SINGAPORE - Chinese New Year is usually celebrated with food, family reunions and red packets. But behind all that good cheer is a rich history that the Singapore Hokkien Huay Kuan wants to spread this festive season.
Over 18 days from the eve of Chinese New Year on Thursday (Feb 15), the association is organising a series of free events on Hokkien traditions at the Thian Hock Keng temple at Telok Ayer Street.
There will, for instance, be traditional Hokkien string puppet shows, and a bilingual exhibition on the forgotten traditions of Chinese New Year such as the sipping of red date tea .
"The drinking of red date tea is a unique Hokkien custom, which symbolises a sweet start to the year," said Ms Sim Bee Hia, secretary-general of the Singapore Hokkien Association.
Hokkien string puppet shows, for example, are usually put up during Chinese New Year and on the birthday of Mazu, Taoist goddess of the sea, in April or the 23rd day of the third lunar month as a homage to the deity, she added.
During Thursday's event, which will start from 10pm, red date tea will be served to visitors, along with snacks on a Tray Of Togetherness, Ms Sim said.
Over the 18-day period until March 4, the Singapore Hokkien Huay Kuan will also be organising free guided tours of the temple, an architectural work dating back to the 1800s.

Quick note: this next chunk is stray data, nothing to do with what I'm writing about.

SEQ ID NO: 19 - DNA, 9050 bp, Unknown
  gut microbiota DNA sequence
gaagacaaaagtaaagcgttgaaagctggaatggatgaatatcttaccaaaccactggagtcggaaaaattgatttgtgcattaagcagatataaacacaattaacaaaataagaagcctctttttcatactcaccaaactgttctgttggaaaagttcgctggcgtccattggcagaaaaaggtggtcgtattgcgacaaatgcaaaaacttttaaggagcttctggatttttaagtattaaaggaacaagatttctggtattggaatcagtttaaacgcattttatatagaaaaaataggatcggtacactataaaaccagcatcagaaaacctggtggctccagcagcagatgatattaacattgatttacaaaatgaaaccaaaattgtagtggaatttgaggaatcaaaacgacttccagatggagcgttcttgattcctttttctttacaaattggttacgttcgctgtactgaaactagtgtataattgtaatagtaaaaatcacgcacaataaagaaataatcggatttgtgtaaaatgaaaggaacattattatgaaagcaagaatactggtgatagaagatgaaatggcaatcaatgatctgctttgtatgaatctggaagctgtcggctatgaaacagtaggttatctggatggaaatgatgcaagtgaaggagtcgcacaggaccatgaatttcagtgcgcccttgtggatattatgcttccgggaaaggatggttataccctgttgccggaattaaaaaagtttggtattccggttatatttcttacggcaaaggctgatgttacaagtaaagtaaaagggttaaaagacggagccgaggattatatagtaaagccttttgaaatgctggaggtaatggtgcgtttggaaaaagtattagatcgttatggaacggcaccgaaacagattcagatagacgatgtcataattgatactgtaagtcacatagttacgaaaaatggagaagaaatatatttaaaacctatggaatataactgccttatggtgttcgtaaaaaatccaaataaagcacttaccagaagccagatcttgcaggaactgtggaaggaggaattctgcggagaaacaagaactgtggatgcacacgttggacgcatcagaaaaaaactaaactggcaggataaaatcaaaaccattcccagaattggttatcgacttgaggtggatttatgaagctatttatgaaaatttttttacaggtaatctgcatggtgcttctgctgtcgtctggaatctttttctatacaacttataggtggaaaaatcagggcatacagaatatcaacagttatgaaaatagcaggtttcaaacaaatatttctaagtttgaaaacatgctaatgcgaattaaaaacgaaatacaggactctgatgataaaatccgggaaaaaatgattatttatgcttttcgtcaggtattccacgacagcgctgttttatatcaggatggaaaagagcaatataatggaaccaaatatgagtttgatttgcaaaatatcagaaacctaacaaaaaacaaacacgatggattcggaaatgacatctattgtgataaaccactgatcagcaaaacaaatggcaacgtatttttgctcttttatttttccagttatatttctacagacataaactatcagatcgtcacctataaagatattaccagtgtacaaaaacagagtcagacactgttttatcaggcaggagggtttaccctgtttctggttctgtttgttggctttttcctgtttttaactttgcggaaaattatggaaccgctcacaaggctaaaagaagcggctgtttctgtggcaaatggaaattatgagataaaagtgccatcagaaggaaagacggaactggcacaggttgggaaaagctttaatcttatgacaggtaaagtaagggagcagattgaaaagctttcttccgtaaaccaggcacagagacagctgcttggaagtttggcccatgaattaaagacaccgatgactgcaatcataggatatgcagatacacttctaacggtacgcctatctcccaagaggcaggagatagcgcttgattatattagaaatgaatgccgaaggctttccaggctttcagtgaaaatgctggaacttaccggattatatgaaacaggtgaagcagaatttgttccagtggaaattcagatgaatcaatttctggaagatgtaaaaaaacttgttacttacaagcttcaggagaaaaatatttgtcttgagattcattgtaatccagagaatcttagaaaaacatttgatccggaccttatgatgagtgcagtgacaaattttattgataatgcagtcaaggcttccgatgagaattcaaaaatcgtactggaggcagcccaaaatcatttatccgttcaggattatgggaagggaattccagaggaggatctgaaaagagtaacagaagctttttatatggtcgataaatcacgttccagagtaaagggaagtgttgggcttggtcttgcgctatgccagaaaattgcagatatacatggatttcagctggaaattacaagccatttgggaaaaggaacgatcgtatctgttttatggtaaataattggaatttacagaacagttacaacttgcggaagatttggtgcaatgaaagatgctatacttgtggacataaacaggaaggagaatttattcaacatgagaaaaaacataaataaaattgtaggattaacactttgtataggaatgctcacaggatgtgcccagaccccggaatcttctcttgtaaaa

These will be held on Thursday, Feb 23, 24 and March 2 or on the eve, 8th, 9th and 15th day of Chinese New Year respectively. Those keen on joining the guided tours should pre-register via e-mail email@example.com or call the association on 6222 8212. Walk-ins are also accepted.
All are welcome, including non-Chinese Singaporeans, people of all faiths, new citizens, and the foreign community in Singapore, and their families, said Ms Sim.
She added: "The aim of celebrating Chinese New Year this way is to preserve Chinese customs, traditions, culture and heritage, and to raise and promote understanding and awareness of the importance of inter-racial harmony and inter-religion tolerance in our society."